You can’t pursue things to the death.  What kind of life is that?  I guess it depends on your own, personal pathology.  That sounds good.

Veikka’s cool.  He’s still around.  Wanda Rutkiewicz.  What I remember most of all is that patch of pink.  A patch of pink way off down there in this crazy white world on an incredible day.  Wanda’s climbing suit was pink.  She’s still up there but at least people know where she is.  Cool.  Your reach exceeds your grasp.  Doesn’t matter.

They’re coming up from the Tibet side again.  The PRC is in step and the North Face is open.  You can talk about the North Face and you can wear the North Face but how many people have ever been on the North Face?

Everest North Face

I remember these comic descriptions of the north face.  It’s too funny.  “First Step” “Second Step”.  Absurd. “Kangshung Face”.  The “Pinnacles”.  “I’m afraid I’ve got some tragic news.”

It was Steck who came across American Alex Lowe on Shishapangma about a year ago. Stuff like this  from the “savage arena” always makes for interesting reading.  Lowe was wasted in an avalanche in 1999.  I wouldn’t say he was perfectly preserved. More like in not bad shape for being dead that long.  Frozen stiff.  There’s just nothing else to do but lay there until somebody finds you and in many cases nobody ever finds you.

It’s not callousness.  It’s just fact.

I managed to pick up this material at “Dollarama” for two bucks and thought I’d throw it up and see what sticks.  Have a beautiful wknd.

 

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D. H. Lawrence (1885 – 1930)

Lines from Lawrence’s poem “Manifesto”.

I remembered it as:

“A man is so afraid of strong feeling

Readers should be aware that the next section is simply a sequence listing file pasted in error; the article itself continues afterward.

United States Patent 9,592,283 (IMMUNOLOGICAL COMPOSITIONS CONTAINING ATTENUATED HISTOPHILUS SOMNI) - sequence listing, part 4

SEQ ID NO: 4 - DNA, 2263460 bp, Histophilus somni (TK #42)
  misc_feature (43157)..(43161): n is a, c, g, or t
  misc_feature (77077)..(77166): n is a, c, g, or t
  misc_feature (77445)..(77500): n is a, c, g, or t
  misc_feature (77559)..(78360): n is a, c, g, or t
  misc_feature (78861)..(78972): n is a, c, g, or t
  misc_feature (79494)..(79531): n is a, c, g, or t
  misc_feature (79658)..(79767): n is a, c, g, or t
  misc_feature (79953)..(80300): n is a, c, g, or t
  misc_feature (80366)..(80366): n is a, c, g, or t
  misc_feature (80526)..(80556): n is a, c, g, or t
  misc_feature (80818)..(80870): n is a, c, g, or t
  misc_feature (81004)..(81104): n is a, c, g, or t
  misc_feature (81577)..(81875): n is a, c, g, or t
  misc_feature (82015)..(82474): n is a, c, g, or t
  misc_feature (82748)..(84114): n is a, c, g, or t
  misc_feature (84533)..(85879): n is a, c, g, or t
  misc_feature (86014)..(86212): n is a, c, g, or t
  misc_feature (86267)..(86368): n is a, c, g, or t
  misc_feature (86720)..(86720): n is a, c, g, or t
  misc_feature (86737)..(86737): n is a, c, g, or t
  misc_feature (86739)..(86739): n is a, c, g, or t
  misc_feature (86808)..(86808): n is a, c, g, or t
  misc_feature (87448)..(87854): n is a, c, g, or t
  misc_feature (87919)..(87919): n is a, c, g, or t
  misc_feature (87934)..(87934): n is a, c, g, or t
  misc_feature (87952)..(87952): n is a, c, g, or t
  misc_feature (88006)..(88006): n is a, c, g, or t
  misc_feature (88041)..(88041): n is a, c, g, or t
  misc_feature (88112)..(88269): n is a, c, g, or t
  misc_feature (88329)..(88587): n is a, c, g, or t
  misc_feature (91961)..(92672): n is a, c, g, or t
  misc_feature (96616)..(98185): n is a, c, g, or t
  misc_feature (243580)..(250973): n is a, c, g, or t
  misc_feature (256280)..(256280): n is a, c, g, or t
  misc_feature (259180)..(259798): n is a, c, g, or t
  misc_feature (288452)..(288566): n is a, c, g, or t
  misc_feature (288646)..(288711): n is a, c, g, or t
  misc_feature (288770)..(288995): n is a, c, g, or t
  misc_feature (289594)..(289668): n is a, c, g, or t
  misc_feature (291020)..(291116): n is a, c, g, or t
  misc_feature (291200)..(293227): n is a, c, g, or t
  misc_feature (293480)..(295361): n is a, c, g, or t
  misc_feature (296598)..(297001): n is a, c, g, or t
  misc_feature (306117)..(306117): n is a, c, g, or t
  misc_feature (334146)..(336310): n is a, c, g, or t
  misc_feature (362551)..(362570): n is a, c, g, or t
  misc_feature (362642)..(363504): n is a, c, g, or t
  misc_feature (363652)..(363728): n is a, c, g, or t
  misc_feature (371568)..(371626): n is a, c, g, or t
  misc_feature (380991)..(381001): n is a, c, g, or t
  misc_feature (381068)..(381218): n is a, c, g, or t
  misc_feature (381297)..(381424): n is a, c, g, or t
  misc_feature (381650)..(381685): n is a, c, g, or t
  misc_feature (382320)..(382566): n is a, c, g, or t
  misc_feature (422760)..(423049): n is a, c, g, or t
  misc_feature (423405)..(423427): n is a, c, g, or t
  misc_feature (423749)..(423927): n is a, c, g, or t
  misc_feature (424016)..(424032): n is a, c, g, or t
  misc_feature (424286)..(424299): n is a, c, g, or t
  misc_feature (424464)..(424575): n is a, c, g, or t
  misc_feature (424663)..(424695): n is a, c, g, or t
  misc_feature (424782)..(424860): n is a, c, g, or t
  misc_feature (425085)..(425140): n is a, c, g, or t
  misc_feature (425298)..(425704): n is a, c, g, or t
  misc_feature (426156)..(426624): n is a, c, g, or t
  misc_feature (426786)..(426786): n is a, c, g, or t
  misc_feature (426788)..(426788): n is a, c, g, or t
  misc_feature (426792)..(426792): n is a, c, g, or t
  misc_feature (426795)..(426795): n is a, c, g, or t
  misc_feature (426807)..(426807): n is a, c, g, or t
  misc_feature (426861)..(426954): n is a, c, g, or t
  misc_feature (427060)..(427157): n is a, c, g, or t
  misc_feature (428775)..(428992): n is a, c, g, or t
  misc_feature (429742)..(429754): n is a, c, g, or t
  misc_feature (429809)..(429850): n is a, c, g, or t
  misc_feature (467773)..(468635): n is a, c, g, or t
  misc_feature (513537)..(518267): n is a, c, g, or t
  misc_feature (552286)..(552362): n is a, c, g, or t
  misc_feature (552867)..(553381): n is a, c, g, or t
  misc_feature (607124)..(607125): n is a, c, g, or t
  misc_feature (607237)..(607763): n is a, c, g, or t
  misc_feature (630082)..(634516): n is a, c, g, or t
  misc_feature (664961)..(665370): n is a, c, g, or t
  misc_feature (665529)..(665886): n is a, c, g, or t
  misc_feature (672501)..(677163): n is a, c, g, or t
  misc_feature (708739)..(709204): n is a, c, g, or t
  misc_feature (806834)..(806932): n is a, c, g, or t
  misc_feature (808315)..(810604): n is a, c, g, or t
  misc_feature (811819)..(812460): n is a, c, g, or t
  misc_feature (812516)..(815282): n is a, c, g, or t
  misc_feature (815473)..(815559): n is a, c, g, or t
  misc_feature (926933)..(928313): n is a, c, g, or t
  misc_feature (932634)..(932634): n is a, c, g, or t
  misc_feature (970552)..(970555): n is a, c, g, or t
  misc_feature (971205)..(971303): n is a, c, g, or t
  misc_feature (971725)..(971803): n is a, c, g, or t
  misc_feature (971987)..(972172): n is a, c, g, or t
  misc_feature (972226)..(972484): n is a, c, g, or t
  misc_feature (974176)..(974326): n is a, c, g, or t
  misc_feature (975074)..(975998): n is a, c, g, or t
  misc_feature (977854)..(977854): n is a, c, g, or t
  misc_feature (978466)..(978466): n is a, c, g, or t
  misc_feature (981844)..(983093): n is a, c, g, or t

And that fear is the root of all cruelty”

And the actual lines are:

“A man is so terrified of strong hunger
And this terror is the root of all cruelty”

It’s a poem about love and desire and a woman. It doesn’t make a lot of sense much of the time, but these lines hit me hard and have stayed with me. The book was a pre-owned “Penguin” paperback of Lawrence’s poetry.

There was no help for me in that era. Who would read anything by Lawrence today? But in that era I was supposed to be reading everything. Let me give you a piece of advice, my children. You can’t do it.

Last night I got “A man is so” and “strong” and “the root of all cruelty” right. I couldn’t remember “terrified” and “hunger” and “terror”.

Lawrence was very good, on the other hand. He never joined the writer’s block community.  He lived in the next block.  He just wrote. And wrote. “The Rainbow” was good. “Lady Chatterley’s Lover”, frankly, was a bit of a bore.  I enjoyed “The Plumed Serpent” and “Kangaroo”. And “Sons And Lovers” and “Women In Love” were good old, nineteenth century novel-ing at it’s finest.  They’re 20th Century novels but you’re not going to hold us for that, are you?

“They think I’m an ordinary man. But I am not an ordinary man.” That’s something I remember Lawrence saying, quoted in some book I was reading.  What does that tell you about D.H. Lawrence?  Not much.  Except he had no doubt about it.

It doesn’t matter now. We were afraid of that but this is the best copy we could afford while the site is down.

These tulips keep popping up too.  They’re getting into everything.